The Pediatric Neuro-Oncology Program and the Pediatric Surgical Oncology Program at The Children’s Hospital of Philadelphia are among the largest in the nation. Families choose us because we have vast experience treating brain tumors in children and have every possible therapy available.
We also have immediate access to a brain tumor database, which allows us to conduct ongoing molecular analysis of the different brain tumor types to determine their causes. Our research constantly provides us with ways to best utilize the four treatment options for tumors: surveillance, surgery, chemotherapy and radiation therapy, to produce the best outcome for your child. Read about our outcomes in our stories of brain tumors in children.
A brain tumor is a growth of abnormal cells or the uncontrolled growth of normal cells in the brain. Primary brain tumors involve a growth that starts in the brain, rather than spreading to the brain from another part of the body. Tumors may be benign (noncancerous) or malignant (cancerous). Tumors may destroy brain cells or damage cells by producing inflammation by pressing on other parts of the brain. This pressure causes cerebral edema (brain swelling) and increased intracranial pressure (the pressure within the skull). The cause of primary brain tumors is unknown, although some tumors such as retinoblastoma tend to be hereditary. Others tumors, such as craniopharyngioma, are present from birth.
Central nervous system tumors (tumors of the brain and spine) make up about 20 percent of all childhood cancers; they are the second most common form of childhood cancer after leukemia. Brain tumors are the most common solid tumor in children. Approximately 2,000 children in the United States are diagnosed with a brain tumor each year.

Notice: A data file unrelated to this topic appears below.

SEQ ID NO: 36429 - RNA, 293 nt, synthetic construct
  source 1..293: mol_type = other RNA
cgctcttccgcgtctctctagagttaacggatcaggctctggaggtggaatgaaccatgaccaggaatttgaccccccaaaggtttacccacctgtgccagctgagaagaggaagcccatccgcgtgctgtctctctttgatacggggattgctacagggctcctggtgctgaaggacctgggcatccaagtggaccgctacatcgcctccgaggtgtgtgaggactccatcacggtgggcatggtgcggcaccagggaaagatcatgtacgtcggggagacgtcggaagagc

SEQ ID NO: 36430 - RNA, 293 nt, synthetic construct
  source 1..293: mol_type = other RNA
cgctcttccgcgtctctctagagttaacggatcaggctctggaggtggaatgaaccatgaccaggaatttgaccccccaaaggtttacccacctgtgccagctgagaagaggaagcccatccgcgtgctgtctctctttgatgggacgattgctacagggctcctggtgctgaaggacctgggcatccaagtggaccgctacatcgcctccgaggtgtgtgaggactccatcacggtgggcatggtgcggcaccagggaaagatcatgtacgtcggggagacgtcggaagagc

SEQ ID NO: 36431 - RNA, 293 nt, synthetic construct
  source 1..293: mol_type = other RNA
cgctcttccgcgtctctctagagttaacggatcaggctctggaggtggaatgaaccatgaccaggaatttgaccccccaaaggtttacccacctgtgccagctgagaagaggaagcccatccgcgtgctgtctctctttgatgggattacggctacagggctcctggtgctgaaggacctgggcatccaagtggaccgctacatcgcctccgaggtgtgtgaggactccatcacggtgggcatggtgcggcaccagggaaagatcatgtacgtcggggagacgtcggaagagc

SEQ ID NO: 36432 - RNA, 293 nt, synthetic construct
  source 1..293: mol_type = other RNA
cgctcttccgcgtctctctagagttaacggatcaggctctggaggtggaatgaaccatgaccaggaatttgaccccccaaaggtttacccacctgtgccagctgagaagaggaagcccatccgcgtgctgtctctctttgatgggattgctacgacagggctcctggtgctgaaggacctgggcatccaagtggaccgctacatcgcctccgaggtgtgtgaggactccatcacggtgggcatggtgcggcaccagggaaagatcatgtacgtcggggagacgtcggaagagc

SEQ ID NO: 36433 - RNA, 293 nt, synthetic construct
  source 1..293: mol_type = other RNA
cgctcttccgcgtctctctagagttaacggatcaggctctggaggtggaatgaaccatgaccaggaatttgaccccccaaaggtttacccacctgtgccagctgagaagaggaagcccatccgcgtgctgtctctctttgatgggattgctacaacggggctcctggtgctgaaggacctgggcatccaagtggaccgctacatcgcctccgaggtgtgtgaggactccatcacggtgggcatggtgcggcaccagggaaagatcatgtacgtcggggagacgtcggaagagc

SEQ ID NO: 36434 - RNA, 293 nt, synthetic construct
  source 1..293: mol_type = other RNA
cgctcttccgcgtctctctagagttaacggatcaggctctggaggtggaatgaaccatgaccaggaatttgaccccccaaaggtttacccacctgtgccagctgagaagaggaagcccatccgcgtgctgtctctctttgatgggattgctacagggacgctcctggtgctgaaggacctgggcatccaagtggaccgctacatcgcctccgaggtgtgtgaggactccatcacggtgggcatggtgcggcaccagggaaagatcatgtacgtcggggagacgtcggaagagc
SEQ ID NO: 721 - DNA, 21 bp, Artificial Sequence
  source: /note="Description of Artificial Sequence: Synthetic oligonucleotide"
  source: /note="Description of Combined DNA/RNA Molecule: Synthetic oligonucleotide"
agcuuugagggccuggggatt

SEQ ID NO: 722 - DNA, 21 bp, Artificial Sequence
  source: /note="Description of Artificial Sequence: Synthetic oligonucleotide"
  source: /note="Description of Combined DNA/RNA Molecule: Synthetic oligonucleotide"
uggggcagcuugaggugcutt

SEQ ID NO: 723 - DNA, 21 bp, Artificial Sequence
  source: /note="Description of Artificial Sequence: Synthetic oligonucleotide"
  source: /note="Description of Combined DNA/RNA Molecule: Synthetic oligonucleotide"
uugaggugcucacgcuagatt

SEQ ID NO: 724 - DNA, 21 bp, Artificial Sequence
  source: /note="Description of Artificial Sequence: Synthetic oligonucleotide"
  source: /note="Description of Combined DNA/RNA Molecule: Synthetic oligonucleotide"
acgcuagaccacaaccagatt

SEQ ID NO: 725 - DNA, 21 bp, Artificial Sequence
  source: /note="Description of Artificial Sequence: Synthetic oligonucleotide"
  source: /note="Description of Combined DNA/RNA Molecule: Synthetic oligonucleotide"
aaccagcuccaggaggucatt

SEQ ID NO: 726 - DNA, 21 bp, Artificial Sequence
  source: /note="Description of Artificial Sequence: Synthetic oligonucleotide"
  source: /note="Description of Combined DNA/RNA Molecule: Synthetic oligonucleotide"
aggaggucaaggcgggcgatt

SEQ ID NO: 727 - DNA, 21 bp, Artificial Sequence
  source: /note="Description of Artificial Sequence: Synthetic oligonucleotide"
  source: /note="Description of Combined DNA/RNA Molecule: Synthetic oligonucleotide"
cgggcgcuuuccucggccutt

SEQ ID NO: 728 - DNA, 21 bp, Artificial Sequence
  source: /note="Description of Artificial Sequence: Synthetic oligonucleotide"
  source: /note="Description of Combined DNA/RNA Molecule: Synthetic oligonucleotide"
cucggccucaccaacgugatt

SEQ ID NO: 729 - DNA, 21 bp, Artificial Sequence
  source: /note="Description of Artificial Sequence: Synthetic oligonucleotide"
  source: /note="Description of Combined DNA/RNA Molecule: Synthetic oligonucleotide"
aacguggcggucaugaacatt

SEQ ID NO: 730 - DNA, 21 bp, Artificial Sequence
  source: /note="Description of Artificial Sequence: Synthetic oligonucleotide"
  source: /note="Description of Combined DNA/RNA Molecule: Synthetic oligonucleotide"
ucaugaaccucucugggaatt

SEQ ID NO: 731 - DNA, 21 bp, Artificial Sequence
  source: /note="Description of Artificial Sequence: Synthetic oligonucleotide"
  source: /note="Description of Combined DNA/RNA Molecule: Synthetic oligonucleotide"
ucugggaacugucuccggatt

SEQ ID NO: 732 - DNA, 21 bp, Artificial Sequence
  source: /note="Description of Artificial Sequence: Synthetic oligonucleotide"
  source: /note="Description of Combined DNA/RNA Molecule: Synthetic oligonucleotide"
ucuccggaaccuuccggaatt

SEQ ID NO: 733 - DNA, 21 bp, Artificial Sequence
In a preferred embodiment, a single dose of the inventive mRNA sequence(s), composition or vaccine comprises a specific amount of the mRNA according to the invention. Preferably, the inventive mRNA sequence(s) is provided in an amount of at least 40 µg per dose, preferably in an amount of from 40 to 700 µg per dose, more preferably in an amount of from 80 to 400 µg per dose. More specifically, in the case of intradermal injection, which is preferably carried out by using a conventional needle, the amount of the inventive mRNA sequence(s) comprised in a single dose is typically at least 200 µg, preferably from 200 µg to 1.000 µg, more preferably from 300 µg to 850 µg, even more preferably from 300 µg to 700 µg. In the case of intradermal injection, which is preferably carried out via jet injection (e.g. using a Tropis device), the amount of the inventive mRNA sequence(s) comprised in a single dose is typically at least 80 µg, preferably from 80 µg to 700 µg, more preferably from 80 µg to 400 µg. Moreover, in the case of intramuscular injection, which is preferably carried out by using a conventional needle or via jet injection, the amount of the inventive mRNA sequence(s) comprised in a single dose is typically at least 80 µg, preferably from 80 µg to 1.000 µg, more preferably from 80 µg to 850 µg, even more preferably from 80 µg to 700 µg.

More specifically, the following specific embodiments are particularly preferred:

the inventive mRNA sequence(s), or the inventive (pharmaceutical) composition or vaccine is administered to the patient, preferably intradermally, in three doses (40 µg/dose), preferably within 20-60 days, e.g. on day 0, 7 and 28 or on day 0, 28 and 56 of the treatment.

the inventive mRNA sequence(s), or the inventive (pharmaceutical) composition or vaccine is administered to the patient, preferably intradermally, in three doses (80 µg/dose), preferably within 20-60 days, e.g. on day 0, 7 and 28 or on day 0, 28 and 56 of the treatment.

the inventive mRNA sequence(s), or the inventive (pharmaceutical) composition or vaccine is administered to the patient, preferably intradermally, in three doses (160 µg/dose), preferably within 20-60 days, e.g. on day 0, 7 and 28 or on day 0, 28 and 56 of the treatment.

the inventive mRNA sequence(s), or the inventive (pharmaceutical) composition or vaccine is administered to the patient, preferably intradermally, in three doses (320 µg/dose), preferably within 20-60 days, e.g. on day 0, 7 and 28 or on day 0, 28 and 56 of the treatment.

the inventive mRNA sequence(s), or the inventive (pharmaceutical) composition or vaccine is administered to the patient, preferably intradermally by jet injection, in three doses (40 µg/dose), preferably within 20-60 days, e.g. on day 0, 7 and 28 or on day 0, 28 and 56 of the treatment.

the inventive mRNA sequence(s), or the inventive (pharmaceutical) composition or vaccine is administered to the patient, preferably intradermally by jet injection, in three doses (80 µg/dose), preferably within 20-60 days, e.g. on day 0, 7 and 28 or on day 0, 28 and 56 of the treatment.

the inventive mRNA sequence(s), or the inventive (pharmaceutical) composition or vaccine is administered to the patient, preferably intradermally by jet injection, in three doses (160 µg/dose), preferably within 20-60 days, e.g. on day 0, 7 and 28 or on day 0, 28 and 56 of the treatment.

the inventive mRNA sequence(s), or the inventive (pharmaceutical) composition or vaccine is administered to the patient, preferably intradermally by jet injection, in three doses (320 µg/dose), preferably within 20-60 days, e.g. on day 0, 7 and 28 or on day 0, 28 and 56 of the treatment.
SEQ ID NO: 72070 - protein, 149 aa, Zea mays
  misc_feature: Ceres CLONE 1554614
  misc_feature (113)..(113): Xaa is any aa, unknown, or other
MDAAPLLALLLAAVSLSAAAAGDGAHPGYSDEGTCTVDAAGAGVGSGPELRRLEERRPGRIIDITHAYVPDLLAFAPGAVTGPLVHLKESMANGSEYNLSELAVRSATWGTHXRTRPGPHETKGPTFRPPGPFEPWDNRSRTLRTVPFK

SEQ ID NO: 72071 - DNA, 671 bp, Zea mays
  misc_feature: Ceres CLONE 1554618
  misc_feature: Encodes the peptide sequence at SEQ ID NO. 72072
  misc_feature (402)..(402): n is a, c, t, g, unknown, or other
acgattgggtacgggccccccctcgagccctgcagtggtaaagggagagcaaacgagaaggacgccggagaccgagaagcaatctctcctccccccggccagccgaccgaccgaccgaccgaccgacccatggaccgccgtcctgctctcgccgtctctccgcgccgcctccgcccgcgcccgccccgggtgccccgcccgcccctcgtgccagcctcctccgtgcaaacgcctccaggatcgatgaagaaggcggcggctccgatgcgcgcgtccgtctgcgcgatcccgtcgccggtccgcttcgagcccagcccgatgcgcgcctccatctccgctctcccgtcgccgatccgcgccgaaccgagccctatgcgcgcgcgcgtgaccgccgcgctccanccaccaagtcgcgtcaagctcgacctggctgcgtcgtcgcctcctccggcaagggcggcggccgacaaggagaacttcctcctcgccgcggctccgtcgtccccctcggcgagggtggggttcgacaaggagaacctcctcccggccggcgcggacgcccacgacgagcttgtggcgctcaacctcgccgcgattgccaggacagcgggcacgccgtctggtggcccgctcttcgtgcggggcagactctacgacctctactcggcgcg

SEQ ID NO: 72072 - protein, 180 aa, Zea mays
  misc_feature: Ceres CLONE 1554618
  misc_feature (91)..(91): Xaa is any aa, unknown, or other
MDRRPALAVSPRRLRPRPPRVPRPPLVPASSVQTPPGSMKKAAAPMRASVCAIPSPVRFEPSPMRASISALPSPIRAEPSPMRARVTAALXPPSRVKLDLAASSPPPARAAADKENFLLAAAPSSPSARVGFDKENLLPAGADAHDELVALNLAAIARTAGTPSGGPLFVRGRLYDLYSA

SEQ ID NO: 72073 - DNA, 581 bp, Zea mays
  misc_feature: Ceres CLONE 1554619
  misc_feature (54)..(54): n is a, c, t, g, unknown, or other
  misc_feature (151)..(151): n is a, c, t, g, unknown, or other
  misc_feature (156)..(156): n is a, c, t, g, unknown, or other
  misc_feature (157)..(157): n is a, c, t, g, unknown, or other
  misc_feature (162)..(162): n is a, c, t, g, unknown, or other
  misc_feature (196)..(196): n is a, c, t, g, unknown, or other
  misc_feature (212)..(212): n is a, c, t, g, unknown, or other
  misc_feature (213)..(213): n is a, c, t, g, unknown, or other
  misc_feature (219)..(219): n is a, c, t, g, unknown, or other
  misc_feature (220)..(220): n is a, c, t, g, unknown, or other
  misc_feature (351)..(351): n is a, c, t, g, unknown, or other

The symptoms of a pediatric brain tumor vary according to the size, type and location of the tumor. Symptoms may occur when a tumor presses on a nerve or damages certain parts of the brain. They may also occur when the brain swells or there is fluid buildup in the skull. The most common symptoms include:
The most common childhood brain tumors are astrocytoma, medulloblastoma, ependymoma and brain stem glioma. Gliomas account for 75 percent of brain tumors in young children but less than 50 percent in adults. Tumors found in craniospinal cavities may arise from the brain and/or spinal cord, or from other tissues or structures near them. Childhood tumors that arise in other organs of the body rarely spread to the nervous system, with the exception of neuroblastomas.
The most common type of brain tumor at all ages is a glioma. Gliomas consist of glial cells, which form the supportive tissue of the brain. The two major types of glial tumors are astrocytomas and ependymomas.
Tumors containing a mix of glial cells (most commonly astrocytes) and neurons (ganglion cells) occur more often in children than in adults. They may arise anywhere in the nervous system but most typically appear in the cerebrum, an area of the brain involved in motor function and personality. Surgery to remove the tumors often is effective.